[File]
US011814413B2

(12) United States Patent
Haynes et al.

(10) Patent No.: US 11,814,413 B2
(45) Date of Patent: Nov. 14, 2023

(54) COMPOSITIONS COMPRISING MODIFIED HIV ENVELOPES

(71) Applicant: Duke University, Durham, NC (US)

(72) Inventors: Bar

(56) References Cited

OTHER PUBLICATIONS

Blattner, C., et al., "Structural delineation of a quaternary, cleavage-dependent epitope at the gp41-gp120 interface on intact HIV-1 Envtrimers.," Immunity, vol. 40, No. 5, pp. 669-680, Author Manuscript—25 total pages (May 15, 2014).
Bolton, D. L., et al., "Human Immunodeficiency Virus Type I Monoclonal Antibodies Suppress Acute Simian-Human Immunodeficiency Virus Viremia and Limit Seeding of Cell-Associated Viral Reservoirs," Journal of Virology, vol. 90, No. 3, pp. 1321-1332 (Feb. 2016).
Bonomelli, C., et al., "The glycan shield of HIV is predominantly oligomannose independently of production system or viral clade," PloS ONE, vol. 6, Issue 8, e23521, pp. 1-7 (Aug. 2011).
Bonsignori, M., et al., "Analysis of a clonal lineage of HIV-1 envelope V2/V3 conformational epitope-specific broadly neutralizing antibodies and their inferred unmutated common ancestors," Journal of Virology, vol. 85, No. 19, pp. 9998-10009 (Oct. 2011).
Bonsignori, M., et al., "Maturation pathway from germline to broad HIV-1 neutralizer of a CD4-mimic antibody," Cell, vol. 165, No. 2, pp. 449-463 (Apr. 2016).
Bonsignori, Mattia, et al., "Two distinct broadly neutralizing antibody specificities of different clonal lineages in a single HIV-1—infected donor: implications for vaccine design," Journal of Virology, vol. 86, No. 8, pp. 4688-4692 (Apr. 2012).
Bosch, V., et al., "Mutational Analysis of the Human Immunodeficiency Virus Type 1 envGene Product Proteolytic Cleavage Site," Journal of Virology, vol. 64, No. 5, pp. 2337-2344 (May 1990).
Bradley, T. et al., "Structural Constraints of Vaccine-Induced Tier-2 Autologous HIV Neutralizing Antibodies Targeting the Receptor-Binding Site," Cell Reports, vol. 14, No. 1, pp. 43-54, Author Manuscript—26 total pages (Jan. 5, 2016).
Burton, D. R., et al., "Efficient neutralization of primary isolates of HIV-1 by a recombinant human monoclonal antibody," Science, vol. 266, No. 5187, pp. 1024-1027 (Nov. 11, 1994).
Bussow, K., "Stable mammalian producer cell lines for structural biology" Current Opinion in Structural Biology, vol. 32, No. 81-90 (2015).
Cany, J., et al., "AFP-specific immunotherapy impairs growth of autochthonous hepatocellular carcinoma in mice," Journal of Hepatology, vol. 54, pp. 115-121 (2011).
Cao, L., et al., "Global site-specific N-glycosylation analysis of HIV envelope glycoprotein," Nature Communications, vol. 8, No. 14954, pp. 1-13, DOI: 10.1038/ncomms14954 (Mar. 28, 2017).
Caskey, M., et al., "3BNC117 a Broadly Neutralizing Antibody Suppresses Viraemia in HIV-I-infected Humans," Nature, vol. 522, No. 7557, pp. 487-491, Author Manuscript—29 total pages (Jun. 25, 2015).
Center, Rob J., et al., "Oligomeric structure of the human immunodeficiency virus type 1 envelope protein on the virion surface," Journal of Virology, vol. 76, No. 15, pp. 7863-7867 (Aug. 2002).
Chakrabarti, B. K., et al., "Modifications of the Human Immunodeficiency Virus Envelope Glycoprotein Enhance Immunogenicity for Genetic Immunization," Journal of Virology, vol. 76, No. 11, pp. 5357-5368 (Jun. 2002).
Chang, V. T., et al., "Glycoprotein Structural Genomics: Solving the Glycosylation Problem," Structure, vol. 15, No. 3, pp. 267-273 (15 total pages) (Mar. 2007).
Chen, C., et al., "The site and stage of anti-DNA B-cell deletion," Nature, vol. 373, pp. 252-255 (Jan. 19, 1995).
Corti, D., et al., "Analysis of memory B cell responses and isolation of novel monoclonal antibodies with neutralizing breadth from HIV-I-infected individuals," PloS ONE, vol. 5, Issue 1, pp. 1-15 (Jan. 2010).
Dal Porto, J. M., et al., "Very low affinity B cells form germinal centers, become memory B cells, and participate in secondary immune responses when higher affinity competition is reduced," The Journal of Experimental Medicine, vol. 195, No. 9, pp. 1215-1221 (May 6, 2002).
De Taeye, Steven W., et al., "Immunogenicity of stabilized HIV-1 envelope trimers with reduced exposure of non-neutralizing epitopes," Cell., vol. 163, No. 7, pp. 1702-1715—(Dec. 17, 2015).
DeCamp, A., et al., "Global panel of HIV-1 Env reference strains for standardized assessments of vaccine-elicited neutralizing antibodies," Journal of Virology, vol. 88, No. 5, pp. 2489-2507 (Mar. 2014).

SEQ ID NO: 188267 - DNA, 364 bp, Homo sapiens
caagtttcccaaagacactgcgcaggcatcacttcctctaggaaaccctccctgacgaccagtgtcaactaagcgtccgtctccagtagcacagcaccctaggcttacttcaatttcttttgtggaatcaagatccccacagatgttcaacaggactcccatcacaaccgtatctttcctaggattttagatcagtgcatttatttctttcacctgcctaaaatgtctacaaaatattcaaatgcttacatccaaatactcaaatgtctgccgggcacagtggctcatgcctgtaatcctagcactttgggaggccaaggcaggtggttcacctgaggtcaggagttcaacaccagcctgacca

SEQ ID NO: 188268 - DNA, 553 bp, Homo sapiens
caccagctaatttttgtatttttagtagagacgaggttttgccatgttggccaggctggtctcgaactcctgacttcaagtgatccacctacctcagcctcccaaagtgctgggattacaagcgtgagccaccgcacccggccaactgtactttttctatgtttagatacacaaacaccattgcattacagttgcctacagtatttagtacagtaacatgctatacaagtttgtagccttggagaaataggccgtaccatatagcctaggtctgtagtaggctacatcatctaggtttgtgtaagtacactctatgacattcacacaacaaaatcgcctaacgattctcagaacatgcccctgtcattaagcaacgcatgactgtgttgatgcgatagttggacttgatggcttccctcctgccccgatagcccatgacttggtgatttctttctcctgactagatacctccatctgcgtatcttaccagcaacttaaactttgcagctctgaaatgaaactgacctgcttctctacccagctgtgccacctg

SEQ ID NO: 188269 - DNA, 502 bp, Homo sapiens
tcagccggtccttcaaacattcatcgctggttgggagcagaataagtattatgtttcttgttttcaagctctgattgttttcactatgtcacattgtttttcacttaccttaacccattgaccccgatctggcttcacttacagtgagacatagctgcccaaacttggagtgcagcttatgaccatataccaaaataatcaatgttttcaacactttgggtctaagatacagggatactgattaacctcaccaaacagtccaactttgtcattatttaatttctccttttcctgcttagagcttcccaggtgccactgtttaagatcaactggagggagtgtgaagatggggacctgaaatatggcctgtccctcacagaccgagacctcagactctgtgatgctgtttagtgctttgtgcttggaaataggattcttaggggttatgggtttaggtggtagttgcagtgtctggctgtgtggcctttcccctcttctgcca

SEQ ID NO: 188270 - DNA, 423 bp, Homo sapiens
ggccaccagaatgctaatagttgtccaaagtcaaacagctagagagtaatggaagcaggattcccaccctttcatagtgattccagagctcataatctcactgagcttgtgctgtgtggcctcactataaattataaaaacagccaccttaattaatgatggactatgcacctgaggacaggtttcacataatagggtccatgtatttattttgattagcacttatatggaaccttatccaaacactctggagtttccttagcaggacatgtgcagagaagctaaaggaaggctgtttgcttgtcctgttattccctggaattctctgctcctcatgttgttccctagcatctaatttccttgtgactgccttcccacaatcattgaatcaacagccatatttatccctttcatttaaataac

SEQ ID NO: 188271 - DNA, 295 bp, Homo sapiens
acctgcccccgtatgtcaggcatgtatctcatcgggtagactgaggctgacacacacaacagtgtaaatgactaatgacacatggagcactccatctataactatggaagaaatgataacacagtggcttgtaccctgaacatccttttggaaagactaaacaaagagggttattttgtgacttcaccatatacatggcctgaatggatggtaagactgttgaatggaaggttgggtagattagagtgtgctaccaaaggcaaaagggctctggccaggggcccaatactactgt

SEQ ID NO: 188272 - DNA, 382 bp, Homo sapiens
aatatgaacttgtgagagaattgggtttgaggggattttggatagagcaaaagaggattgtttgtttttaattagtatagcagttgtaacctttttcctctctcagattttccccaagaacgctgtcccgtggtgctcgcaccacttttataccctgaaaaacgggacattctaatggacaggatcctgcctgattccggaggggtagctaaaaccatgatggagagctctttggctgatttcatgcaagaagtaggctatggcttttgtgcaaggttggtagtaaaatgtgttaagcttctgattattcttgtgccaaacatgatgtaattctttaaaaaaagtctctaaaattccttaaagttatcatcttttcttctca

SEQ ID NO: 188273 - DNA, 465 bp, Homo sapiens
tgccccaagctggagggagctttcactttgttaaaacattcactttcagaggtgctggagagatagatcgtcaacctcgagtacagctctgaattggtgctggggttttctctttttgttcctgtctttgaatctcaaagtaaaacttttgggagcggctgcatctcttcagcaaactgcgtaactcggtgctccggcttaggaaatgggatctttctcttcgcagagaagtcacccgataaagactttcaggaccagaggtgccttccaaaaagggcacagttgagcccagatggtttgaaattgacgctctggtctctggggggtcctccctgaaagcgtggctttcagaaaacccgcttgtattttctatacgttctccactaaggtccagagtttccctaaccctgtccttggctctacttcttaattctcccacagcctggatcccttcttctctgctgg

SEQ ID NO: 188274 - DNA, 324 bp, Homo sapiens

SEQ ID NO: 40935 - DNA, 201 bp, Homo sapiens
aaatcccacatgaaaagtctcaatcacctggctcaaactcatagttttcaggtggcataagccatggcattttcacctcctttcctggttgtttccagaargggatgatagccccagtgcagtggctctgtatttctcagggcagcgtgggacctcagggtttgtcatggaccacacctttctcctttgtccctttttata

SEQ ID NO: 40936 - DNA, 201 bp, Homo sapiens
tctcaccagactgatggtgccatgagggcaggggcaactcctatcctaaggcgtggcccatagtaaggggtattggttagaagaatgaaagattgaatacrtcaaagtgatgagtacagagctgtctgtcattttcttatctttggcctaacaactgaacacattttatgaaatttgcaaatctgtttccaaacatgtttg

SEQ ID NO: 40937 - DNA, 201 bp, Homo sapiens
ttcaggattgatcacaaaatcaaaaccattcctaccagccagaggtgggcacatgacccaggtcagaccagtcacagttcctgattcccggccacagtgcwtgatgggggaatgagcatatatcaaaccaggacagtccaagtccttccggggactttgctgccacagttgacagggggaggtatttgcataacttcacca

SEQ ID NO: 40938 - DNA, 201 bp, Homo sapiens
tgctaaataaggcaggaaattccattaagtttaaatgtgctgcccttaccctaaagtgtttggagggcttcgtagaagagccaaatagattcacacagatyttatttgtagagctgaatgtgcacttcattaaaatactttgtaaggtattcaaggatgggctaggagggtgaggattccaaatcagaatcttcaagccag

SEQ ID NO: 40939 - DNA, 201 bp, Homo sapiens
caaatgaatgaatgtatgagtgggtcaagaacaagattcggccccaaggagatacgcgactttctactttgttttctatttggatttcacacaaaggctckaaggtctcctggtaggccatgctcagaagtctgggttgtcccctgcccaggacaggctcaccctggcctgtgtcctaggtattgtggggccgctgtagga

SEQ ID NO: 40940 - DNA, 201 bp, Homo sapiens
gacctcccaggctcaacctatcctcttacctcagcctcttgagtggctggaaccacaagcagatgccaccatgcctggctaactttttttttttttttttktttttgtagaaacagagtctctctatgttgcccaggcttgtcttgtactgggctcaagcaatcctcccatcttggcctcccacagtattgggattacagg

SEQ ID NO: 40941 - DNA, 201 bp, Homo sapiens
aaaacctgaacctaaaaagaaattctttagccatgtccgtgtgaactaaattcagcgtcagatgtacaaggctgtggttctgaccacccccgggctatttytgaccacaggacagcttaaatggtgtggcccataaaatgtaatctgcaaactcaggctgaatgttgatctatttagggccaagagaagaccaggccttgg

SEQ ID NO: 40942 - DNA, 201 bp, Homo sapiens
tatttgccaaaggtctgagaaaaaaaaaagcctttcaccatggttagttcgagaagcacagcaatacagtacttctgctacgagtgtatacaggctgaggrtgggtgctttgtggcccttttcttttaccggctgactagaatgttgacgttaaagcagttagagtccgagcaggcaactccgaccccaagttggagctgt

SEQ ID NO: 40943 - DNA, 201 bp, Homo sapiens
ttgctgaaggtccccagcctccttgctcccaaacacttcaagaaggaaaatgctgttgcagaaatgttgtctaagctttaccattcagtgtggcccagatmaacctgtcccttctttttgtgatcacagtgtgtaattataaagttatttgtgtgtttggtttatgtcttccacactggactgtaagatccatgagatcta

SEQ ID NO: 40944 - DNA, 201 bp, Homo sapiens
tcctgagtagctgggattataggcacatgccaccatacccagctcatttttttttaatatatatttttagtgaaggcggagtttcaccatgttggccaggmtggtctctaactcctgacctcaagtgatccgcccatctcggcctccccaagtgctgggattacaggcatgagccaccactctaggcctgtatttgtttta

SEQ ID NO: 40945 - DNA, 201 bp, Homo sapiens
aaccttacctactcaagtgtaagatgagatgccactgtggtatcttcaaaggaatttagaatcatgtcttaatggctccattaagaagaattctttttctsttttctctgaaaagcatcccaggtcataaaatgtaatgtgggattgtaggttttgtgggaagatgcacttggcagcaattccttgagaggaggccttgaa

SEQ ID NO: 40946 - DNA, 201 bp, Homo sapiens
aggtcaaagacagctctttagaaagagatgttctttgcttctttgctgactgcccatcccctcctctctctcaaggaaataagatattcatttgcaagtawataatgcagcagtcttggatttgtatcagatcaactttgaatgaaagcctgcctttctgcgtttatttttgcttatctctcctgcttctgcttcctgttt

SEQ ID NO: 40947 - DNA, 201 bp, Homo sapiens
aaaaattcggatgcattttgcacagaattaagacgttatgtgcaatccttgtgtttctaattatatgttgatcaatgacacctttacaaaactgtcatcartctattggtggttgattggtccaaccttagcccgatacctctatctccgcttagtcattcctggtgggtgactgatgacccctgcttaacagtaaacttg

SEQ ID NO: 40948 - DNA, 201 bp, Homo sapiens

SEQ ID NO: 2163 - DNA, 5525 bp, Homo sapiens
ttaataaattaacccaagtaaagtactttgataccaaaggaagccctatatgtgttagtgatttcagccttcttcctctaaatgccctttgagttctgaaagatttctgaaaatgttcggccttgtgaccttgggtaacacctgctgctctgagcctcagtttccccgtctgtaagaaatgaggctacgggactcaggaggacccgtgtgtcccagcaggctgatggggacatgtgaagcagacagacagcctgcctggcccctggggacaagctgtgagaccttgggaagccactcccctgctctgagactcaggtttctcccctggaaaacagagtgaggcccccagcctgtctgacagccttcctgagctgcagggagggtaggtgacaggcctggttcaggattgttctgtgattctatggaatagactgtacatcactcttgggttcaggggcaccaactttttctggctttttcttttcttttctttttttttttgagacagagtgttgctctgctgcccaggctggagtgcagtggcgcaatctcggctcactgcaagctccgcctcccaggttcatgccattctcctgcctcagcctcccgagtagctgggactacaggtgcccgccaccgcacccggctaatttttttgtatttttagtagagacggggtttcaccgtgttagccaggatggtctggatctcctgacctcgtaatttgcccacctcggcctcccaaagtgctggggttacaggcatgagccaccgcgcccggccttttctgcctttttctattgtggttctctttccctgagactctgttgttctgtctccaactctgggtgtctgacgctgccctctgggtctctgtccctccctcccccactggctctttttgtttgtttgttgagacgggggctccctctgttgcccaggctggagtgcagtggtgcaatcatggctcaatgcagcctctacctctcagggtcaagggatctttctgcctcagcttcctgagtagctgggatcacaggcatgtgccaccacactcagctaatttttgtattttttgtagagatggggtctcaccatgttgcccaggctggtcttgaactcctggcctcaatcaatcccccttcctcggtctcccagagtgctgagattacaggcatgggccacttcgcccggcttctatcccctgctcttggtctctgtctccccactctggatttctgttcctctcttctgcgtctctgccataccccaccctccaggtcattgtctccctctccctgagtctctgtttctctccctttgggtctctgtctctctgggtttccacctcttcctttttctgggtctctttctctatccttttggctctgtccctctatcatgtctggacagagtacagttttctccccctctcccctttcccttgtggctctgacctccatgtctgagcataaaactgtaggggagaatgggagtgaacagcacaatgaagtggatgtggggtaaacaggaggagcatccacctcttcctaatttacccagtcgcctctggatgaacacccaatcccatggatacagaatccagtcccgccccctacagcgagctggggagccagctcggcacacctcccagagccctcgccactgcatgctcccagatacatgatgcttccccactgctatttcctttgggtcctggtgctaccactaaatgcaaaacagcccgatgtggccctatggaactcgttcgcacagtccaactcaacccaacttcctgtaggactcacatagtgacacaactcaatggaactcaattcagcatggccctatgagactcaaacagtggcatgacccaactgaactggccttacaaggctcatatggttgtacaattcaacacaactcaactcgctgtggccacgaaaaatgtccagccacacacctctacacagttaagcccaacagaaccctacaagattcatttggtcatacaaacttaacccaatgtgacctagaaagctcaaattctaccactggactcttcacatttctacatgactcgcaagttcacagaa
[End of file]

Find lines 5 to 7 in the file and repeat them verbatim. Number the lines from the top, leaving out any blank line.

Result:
(45) Date of Patent: Nov. 14, 2023

(54) COMPOSITIONS COMPRISING MODIFIED HIV ENVELOPES

(71) Applicant: Duke University, Durham, NC (US)